You start your story on page 1. But this page, along with the ones that follow soon thereafter, can be filled with loads of material: backstory, exposition, “info dumps,” random details.
These pages can go on and on.
Yet, they may go nowhere.
See, when you first sit down to pen your story to paper, you’re still finding your way into it. You’re still figuring out what it’s about. You’re learning who your characters are (this holds true even when you write out lengthy character sketches in advance).
All of this material is essential for you, the writer.
However, not all of it is (in fact, very little of it may be) essential for audiences, who’re waiting for your story to get started.
Thus, you’ve got to make an incision. You’ve got to excise the nonessential.
By doing so, you reassure audiences.
By doing so, you let them know that you understand that this—the beginning of your story—is about them.
It’s about their experience, not yours.
So, in recognition of that, you’ve gotten rid of what was essential for you (but not essential for them). As a result, audiences immediately draw positive conclusions. You’re not going to regale them with unnecessary backstory or other details.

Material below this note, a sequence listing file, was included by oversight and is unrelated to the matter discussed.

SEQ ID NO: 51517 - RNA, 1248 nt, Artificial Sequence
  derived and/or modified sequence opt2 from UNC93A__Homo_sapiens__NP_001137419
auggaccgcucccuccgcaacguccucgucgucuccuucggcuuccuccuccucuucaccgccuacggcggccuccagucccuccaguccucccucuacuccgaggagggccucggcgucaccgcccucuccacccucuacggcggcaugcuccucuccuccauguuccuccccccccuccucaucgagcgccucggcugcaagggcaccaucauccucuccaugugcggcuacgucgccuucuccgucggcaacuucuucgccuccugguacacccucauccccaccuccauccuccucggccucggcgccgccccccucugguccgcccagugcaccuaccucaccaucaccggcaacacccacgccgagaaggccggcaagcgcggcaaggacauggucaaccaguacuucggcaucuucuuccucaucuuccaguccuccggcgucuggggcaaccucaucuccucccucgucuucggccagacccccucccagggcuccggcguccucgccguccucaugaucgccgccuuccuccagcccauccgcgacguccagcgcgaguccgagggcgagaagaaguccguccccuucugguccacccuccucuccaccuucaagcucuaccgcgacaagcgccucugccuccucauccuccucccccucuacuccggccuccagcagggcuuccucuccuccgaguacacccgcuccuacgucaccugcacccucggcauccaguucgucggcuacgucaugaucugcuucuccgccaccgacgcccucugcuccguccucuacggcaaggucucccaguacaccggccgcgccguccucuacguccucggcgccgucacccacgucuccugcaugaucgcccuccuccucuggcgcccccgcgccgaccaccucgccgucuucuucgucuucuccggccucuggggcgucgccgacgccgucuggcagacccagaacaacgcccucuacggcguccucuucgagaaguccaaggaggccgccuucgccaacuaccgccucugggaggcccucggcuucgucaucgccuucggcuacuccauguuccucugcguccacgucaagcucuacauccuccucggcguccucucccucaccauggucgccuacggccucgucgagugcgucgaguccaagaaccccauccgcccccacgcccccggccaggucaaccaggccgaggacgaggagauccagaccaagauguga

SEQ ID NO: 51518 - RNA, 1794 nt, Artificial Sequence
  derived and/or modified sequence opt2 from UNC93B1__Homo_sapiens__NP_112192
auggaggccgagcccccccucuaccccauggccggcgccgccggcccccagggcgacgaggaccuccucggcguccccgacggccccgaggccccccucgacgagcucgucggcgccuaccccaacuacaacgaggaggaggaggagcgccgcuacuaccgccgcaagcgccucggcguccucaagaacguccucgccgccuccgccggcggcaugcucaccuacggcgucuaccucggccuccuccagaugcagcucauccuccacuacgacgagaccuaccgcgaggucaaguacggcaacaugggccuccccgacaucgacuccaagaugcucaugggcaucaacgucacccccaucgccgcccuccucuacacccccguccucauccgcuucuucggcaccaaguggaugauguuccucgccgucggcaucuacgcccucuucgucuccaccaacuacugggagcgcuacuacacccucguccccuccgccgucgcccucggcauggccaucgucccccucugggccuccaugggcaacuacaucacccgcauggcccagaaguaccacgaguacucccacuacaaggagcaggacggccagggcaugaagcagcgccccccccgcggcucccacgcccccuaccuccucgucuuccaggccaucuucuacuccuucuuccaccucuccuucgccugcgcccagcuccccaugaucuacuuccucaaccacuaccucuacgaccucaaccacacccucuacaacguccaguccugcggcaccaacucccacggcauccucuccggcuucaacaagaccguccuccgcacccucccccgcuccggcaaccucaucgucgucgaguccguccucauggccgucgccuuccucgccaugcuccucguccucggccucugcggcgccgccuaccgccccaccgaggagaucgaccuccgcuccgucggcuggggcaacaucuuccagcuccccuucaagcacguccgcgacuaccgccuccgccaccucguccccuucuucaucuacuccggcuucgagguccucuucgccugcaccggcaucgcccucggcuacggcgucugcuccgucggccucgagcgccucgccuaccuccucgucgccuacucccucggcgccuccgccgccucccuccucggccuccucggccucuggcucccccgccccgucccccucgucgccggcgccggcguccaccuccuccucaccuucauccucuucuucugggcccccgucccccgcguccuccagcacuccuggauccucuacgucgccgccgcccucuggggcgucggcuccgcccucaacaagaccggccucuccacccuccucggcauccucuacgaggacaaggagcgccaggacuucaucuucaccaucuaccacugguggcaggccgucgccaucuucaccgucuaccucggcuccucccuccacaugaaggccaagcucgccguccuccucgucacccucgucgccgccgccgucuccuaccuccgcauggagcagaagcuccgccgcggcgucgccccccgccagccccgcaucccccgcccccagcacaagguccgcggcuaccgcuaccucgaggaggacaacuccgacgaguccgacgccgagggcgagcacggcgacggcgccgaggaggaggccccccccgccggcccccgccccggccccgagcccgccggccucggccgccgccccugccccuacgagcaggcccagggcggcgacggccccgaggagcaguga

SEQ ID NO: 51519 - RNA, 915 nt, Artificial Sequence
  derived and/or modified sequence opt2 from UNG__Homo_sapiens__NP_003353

You’re going to do what you promised you would: you’re going to tell them an honest-to-goodness story.
Having been thus reassured, audiences will keep on reading your screenplay or novel instead of putting it down.
The question for you, the writer, then becomes: Where to make this incision?
Happily, the inciting incident will tell you.
With this writing guide, you’ll learn how to use the inciting incident to determine whether your story beginning has the kind of pacing and momentum that will attract audiences—or repel them.
However, the inciting incident isn’t the only way to inspire audience confidence…which brings us to:
Solution #2: Genre
Why do audiences seek out stories?
Audiences are looking for a particular emotional experience, i.e. genre.
They chose your story for its action or romance, its fantasy or thrills, its horror or humor (or a combination of these).
When you deliver this experience to them right away, they become reassured that you know what you’re doing. You are worthy of their time.